Other example is; when one idea is a dominant profession or proposition about something is reality, and one was required to accept it or not. The opposition or those who were agnostic to this truth, could formulate positions as nuanced as they wanted too, but this would not change the fact that their failure to accept the asserted truth is equivalent to denying it. This is well illustrated through the New Testament and world history since then, that people either accept the orthodox Christian assertion of Jesus being the Son of God, the God-Man, the Lord God in the Flesh, or that he is nothing more than a mere man. In such situations, one could not appeal to neutrality, as those who embrace Christ’ deity would accuse you of disrespect for the person and being of Christ Jesus the Almighty and those who reject His deity would accuse you of the idolatry of a man.

And some ideas or mutually exclusive, for example, when A cannot be B, then you have an either or situation. Some other times, one proposition in two debating ideas, is the active one, and the other is not a counter proposition, but a denial of it. For example, I write this, as one either alive, or dead. Here death in my body would not be the opposite of life, but the absence of it.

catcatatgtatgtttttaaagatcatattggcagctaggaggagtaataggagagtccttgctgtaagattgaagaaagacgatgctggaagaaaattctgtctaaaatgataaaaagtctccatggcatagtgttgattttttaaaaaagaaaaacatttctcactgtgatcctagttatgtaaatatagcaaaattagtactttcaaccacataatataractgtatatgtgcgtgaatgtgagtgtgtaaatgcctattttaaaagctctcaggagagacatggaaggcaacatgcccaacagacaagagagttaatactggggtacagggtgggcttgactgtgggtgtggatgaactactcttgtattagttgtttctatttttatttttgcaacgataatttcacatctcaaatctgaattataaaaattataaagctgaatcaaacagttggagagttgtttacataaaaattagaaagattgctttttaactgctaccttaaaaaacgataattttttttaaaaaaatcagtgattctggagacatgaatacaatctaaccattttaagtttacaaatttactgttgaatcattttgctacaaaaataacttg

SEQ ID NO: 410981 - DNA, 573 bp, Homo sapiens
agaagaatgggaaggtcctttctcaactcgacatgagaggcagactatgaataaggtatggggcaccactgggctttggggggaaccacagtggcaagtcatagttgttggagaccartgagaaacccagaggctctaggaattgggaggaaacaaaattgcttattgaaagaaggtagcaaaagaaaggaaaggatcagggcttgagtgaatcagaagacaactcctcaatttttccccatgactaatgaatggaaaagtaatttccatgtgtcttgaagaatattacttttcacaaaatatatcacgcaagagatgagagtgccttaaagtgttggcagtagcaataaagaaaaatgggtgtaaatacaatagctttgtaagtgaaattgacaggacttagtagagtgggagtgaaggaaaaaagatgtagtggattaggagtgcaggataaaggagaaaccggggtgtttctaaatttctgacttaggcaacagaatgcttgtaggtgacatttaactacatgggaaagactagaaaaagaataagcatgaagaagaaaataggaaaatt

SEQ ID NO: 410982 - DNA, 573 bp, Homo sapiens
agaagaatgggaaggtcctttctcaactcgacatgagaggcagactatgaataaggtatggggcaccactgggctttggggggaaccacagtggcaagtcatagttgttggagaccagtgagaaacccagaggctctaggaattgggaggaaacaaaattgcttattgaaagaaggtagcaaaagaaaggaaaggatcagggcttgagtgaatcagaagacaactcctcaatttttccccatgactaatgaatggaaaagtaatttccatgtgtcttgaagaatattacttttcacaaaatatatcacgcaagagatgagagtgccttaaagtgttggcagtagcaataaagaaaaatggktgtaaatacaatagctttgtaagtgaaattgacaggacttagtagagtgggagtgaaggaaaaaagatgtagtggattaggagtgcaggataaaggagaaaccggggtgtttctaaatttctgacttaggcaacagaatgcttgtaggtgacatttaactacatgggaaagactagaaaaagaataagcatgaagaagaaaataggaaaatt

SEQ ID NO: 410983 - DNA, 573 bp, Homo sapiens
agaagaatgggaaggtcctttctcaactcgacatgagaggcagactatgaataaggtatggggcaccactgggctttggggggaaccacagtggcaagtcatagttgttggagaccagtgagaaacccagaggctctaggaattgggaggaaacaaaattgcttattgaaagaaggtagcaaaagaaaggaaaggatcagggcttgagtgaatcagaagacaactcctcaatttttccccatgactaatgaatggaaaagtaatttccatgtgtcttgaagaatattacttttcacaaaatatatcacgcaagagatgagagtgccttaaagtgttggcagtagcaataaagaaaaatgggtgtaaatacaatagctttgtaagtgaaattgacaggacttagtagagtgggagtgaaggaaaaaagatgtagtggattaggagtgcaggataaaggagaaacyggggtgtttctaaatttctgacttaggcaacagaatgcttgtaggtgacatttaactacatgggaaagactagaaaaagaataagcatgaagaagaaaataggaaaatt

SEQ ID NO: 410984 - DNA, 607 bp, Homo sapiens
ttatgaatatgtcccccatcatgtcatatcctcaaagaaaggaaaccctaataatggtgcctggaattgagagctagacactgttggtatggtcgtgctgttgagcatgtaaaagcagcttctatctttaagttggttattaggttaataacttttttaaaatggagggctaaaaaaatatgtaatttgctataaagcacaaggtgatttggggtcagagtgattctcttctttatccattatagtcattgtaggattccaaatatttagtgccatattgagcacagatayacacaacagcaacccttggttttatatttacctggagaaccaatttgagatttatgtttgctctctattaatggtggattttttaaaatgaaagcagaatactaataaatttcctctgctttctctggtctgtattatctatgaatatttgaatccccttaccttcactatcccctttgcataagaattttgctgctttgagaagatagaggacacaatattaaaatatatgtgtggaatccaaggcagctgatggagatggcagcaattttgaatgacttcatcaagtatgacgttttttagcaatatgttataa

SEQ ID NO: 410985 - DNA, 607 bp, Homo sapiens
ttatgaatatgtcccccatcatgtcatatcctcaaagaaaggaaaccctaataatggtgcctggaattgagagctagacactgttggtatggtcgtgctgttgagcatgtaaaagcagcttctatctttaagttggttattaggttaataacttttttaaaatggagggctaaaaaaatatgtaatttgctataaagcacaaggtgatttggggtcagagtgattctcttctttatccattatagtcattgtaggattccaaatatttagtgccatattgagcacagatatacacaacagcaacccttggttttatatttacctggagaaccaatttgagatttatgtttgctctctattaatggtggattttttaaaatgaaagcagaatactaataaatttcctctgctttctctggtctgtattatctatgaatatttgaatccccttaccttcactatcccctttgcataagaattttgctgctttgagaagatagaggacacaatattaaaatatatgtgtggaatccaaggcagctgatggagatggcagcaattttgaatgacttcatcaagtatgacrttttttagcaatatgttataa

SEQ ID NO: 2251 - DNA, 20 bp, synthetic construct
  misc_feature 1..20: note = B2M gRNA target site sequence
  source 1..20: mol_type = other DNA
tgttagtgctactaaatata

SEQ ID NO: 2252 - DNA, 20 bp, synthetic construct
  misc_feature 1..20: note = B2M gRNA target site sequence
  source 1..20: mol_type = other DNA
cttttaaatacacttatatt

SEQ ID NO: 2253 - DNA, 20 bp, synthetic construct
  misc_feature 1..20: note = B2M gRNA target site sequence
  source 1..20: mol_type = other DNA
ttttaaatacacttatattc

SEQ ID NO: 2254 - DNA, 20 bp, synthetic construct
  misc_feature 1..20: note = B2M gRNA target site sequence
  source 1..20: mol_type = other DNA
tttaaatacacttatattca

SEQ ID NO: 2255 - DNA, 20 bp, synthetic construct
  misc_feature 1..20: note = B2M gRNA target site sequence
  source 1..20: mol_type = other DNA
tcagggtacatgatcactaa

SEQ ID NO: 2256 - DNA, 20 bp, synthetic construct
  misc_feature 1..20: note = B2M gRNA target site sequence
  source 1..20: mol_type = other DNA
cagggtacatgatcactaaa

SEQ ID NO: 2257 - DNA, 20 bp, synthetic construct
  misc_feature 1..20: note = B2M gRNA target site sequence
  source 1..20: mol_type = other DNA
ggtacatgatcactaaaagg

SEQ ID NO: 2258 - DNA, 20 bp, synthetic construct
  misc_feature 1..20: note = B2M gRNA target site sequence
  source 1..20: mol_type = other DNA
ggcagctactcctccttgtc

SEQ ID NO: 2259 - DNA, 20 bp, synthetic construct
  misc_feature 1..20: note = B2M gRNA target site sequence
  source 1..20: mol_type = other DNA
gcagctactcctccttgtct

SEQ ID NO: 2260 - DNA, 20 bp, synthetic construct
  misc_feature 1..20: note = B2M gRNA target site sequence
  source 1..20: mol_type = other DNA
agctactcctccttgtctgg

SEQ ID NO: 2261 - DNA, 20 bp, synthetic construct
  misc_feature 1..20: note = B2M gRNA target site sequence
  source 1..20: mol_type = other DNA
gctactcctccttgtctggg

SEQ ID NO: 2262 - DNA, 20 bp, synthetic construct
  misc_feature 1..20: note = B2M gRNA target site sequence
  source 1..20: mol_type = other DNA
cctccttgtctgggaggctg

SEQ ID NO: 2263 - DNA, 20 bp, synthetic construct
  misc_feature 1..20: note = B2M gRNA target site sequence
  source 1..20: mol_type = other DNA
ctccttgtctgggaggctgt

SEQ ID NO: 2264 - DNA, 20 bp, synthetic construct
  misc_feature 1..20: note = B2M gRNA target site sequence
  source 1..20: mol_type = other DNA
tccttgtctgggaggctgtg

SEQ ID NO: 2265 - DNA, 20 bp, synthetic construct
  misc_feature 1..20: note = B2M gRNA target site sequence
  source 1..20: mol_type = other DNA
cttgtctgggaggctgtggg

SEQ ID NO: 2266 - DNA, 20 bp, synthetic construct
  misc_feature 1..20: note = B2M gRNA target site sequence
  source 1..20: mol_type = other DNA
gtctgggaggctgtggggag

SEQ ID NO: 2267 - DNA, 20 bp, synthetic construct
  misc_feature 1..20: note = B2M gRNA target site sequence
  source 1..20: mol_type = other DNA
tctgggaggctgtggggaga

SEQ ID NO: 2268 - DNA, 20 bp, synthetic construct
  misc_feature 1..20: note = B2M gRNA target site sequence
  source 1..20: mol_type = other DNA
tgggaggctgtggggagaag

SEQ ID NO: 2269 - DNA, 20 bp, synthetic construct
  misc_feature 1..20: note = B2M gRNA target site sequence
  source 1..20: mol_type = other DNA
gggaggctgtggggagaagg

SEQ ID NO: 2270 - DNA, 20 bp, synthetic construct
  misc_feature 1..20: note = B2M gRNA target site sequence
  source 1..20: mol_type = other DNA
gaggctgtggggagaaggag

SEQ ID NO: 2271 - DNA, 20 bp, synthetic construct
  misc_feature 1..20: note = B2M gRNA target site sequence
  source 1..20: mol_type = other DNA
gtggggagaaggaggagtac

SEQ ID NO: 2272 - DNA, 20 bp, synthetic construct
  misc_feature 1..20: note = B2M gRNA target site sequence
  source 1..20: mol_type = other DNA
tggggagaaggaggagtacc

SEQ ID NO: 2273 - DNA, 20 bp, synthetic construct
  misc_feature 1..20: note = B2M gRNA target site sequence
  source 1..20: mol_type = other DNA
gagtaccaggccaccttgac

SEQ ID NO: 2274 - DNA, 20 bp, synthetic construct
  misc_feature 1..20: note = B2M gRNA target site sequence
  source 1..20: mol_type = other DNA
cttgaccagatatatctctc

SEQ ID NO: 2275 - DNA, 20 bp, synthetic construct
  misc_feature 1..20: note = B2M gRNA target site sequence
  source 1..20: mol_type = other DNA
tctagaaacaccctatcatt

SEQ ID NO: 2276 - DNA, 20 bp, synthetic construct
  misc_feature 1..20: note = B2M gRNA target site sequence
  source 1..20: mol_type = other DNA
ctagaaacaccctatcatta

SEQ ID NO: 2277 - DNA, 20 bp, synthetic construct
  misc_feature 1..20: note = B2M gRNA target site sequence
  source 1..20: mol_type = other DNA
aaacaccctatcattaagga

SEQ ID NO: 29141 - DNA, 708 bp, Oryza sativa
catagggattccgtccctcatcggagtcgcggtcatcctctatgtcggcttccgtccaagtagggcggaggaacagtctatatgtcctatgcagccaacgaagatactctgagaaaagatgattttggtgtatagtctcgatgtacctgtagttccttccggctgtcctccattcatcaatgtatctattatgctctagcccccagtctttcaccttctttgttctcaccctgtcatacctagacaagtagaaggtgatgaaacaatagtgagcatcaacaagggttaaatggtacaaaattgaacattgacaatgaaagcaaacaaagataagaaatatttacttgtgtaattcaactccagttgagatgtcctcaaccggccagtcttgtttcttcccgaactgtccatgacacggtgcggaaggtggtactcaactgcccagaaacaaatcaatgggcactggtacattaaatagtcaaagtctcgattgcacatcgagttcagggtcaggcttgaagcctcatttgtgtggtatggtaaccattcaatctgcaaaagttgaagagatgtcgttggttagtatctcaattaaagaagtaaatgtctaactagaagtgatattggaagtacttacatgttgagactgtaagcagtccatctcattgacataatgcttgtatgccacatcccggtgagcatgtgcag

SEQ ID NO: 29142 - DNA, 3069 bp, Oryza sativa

Written by a sleepy dad about to feed his 6 month son at 12:30am, so excuse the errors, typos and bad execution when you see it. 

12:10 AM  
Blogger The Hedonese said...

Wow!How refreshing to get a female perspective on this one... hehehe....

Mission or Apologetics?

Quoting DA Carson: "To hell with all false dichotomy"...

10:03 PM  
Anonymous alwyn said...

Hi Boh Tea,

I appreciate your comment that..."there is a fine line between communicating the Gospel in a manner most connective to the present generation and taking the gist of the Gospel out just to be more empathetic nor adding to what is not in the Bible."

If I'm not wrong, I think one of the key tenets of the Emergent movement is embodying the "gist of the Gospel" which, to us, would be friendship, reconciliation, forgiveness and so on.

I may be off-topic here, but I think we need to distinguish between the intellectual defense of the Gospel and its conversational/dialogical embodiment.

One of the dangers we must avoid is to virtually equate 'thinking of the Gospel' in rationalistic/systematic terms, as if people who emphasize story, imagination and, yes, conversation are doing a 'sub-Gospel' thing (smile).

But if the Gospel is less about friendship with the lost and less about, say, "exclusive truth" (and this is one of the major issues at hand), then this will transform the way we normally think about exclusivity, Christian ideas, 'communicating Christianity', and so on.

It's not a trivial mannerism we're dealing with here, but possibly the heart of God's mission.

Let me know what you think.


12:51 PM  
Blogger The Hedonese said...

The gospel needs to be contended for (Jude 3) and contextualised (corinthians)

So ultimately there is no dichotomy between imagination and rationality, conversation and apologetics, reconciliation with God and confrontation of idols

may we hold both in tention for holding one while compromising the other is a sub-missional and sub-gospel alternative :)

10:28 AM